While many features work out great, the one implied by the title falls a little flat. The name Infinite Adventures partially comes from the wild portals accessible in the town’s library. The main 24 floors of the game’s labyrinth are set in stone, but wild portals to procedurally-generated smaller areas open up throughout the game, which can be explored endlessly. These areas are around a quarter of the size of a regular labyrinth floor, but take forever to navigate as they’re mainly tiny, empty rooms connected by a ridiculous amount of doors. There’s a free treasure chest or two on each floor, but the spoils from these are almost never worth the time or effort needed to obtain them. With the ability to turn random encounters off, these wild portals and free spoils are incredibly easy to exploit, but frustrating enough navigation-wise to want to avoid.

Plenty of equipment slots for weapons, defense, and accessories.

While the music of Infinite Adventures is pleasing and varied enough to be considered of average RPG quality, some tracks will grow old long before the game’s end due to sheer repetition. The score is well-matched to the settings of the various levels of the labyrinth, but when a level takes five hours to complete, the same song on repeat for the entirety of that level doesn’t hold up. What never once grew old though was the voice acting. Wherever Stormseeker Games encountered this cast, they should be on speed-dial for whatever game is next up for this new studio. The actors seem earnest in delivering their lines, and although some of the accents may seem a bit forced, the sheer number of voiced parts makes that a bit understandable and also commendable as everything is voiced. From the briefest encounter in the labyrinth to each and every sidequest request to the most important of story scenes, hearing it all was a treat, particularly in an indie game where voice acting is far from the expectation.

Graphically, a similar dichotomy exists as there does in the music. The background visuals received the most detail and shading, while the character and monster sprites were left a little bit behind. Whether walking through the labyrinth or stepping into the various buildings in town, the scenery features a high level of attention to detail. Sadly, the wide variety of NPCs and monsters didn’t get the same treatment. While they are well-designed, the coloring seems a little too bright and the shading and small details not quite enough there to match the style of the backgrounds. They’re also 100% static, with no change in facial expression or posing in town or in battle no matter what’s taking place. It’s an effect similar to old animated cartoons, where moving characters or objects don’t quite visually match with the static background image. Overall the graphics are a strong point, but matching foreground with background styles a little more and animating the sprites could boost great graphics to amazing ones.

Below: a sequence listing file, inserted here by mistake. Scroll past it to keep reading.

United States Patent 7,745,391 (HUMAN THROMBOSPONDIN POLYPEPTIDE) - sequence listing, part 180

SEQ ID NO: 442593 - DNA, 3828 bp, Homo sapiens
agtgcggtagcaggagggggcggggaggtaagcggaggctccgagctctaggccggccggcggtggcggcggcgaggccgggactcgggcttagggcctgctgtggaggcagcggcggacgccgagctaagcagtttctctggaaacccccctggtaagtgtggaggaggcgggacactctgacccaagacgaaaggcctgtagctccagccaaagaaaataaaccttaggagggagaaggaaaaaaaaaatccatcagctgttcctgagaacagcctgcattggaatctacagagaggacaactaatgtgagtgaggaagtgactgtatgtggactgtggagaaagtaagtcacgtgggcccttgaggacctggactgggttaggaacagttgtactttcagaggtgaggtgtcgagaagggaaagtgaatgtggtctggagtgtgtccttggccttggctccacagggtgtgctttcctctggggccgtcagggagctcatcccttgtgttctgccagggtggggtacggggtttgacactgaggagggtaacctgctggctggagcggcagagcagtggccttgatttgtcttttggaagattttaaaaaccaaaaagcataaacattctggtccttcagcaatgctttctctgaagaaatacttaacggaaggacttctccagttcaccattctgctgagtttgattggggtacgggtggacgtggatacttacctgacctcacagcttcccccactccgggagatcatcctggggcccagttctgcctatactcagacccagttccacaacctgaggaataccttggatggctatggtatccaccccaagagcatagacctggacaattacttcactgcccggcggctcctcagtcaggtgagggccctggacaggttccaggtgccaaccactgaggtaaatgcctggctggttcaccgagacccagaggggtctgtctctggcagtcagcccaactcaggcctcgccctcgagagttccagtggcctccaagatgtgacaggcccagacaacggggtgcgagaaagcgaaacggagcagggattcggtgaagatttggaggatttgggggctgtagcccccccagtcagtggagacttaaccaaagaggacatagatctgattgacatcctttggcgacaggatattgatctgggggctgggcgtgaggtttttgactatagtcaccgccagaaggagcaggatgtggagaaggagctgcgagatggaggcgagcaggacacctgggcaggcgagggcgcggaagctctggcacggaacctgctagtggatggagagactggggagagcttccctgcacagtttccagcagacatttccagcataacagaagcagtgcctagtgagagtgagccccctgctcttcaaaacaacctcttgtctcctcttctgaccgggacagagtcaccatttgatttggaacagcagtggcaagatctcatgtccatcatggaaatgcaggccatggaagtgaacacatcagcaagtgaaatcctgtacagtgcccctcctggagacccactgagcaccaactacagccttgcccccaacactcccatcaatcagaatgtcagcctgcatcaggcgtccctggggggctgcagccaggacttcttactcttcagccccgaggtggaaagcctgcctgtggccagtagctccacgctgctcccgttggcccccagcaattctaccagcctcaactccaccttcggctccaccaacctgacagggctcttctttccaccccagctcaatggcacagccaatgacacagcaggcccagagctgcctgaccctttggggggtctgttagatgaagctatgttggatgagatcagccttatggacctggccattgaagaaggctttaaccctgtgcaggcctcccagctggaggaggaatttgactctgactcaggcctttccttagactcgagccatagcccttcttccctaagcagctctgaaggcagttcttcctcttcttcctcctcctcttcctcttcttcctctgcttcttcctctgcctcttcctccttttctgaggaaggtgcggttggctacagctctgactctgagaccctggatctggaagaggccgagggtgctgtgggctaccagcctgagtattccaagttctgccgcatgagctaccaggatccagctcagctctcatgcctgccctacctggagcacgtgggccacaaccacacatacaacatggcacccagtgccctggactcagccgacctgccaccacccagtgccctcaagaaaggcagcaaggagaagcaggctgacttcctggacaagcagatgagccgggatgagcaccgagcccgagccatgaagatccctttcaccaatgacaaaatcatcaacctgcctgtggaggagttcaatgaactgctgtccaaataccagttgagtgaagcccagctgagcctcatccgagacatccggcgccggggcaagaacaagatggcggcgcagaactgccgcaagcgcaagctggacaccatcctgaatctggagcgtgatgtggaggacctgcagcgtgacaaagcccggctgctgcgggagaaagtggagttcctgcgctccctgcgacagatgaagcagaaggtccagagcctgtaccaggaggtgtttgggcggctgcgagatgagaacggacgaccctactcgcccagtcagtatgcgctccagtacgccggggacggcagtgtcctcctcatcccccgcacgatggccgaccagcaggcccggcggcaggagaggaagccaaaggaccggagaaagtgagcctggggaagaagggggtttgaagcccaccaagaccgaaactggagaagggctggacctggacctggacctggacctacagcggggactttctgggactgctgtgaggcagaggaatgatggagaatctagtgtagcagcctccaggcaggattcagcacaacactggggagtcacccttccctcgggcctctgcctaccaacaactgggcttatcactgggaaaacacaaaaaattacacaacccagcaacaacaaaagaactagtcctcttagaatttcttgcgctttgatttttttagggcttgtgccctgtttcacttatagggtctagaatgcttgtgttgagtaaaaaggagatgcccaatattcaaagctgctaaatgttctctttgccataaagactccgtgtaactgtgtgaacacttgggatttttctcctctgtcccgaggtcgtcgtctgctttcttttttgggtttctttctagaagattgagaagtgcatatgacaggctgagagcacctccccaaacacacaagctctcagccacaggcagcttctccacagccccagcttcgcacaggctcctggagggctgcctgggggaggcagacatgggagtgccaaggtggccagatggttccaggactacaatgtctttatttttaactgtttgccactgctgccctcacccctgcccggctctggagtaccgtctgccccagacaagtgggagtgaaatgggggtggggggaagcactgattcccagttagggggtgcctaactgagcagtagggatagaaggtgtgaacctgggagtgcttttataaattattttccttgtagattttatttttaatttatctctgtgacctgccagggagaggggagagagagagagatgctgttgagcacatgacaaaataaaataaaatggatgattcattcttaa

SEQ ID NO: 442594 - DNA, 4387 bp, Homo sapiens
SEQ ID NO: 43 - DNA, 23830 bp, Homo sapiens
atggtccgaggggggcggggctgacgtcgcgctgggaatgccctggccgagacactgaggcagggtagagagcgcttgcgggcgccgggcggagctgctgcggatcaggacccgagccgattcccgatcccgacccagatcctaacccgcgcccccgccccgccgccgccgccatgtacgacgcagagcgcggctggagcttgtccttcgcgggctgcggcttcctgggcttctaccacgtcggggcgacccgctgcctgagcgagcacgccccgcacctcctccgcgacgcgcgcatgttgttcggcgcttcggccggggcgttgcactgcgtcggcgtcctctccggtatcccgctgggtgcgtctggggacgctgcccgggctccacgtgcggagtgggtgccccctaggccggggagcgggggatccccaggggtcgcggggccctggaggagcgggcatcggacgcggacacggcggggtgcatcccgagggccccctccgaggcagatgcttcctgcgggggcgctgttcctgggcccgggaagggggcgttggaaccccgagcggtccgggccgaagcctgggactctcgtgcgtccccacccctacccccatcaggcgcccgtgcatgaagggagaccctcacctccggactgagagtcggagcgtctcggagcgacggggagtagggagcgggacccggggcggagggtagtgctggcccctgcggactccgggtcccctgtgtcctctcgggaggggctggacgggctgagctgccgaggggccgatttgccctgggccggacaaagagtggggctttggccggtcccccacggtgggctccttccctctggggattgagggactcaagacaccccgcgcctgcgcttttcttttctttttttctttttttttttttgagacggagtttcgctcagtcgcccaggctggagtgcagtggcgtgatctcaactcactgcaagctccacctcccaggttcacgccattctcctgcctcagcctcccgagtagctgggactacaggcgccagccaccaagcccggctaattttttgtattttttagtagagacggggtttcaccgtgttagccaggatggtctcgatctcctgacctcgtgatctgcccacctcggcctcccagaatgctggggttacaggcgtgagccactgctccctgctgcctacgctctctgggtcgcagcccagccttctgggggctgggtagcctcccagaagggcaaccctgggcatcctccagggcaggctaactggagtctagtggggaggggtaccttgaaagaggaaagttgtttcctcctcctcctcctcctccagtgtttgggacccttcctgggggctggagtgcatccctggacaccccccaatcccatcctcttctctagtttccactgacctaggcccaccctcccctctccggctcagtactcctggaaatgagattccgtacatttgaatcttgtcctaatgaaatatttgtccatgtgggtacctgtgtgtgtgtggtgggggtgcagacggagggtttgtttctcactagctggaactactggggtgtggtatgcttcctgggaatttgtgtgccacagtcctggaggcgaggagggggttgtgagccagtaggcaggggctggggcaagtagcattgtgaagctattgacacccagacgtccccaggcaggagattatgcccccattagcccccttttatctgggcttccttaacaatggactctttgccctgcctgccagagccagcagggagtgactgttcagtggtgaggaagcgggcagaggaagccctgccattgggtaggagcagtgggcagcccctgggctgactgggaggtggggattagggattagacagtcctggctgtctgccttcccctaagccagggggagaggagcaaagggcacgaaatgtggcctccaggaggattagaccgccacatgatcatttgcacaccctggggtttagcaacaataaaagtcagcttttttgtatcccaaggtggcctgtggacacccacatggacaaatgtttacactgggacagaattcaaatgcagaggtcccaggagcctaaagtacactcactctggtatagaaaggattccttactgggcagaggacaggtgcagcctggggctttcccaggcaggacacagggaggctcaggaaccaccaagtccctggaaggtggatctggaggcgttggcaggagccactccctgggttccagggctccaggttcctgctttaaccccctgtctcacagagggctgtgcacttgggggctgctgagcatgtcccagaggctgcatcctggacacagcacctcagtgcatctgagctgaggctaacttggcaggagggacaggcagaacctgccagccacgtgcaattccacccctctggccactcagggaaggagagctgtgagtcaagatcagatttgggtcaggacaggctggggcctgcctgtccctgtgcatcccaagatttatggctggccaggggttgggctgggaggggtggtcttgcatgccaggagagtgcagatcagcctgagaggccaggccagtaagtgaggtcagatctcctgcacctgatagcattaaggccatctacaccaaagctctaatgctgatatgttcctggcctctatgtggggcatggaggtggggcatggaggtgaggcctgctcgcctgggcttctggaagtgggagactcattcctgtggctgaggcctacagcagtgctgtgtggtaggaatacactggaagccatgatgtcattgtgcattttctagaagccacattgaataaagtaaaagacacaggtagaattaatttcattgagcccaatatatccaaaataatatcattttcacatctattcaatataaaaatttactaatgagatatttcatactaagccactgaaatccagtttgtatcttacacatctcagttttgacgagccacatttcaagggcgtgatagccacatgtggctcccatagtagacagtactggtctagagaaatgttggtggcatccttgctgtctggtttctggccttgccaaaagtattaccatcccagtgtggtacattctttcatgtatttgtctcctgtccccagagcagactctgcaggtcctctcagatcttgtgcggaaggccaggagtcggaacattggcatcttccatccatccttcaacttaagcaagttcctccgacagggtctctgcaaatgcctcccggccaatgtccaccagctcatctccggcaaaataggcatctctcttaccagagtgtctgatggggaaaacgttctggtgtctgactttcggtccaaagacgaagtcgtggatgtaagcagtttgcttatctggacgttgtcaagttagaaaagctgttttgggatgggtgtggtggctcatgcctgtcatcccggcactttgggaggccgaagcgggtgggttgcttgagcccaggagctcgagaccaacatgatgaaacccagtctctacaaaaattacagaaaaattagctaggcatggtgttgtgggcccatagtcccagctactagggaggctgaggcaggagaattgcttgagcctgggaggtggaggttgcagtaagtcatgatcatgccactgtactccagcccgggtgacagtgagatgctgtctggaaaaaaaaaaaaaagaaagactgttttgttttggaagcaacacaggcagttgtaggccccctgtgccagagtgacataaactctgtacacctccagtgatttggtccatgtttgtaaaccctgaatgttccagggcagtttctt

While I fully admit to being a huge Etrian Odyssey fan, other dungeon crawlers throughout the years haven’t always done it for me due to either bland attack-attack-heal combat systems or high levels of difficulty. Infinite Adventures seems to capture the spirit of an Etrian Odyssey story and gameplay in an experience about half the length and with more quality-of-life enhancements than any entry in the long-running series. While it’s not as polished in its graphics, it’s an enjoyable game that’s more accessible to newer fans of the genre, yet with deep enough combat systems and a difficulty slider that might make the dungeon crawler expert take notice as well. Stormseeker Games has put forth a strong debut title and will be worth keeping an eye on from this point forward.

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'Good' -- 3.5/5
20-40 HOURS

Most spells have the ability to be boosted or have their area of effect altered

Quality-of-life enhancements make this an easy entry-level dungeon crawler

Interesting and deep battle system mechanics

Excellent voice acting

Static monster and character art grows old quickly

The truly infinite areas of the game are infinitely boring


Matt Masem

Matt joined RPGamer as a staff member in 2018 after being a long-time fan of the genre and the RPGamer podcasts. He loves anything Dragon Quest as well as a good turn-based or DRPG grind session.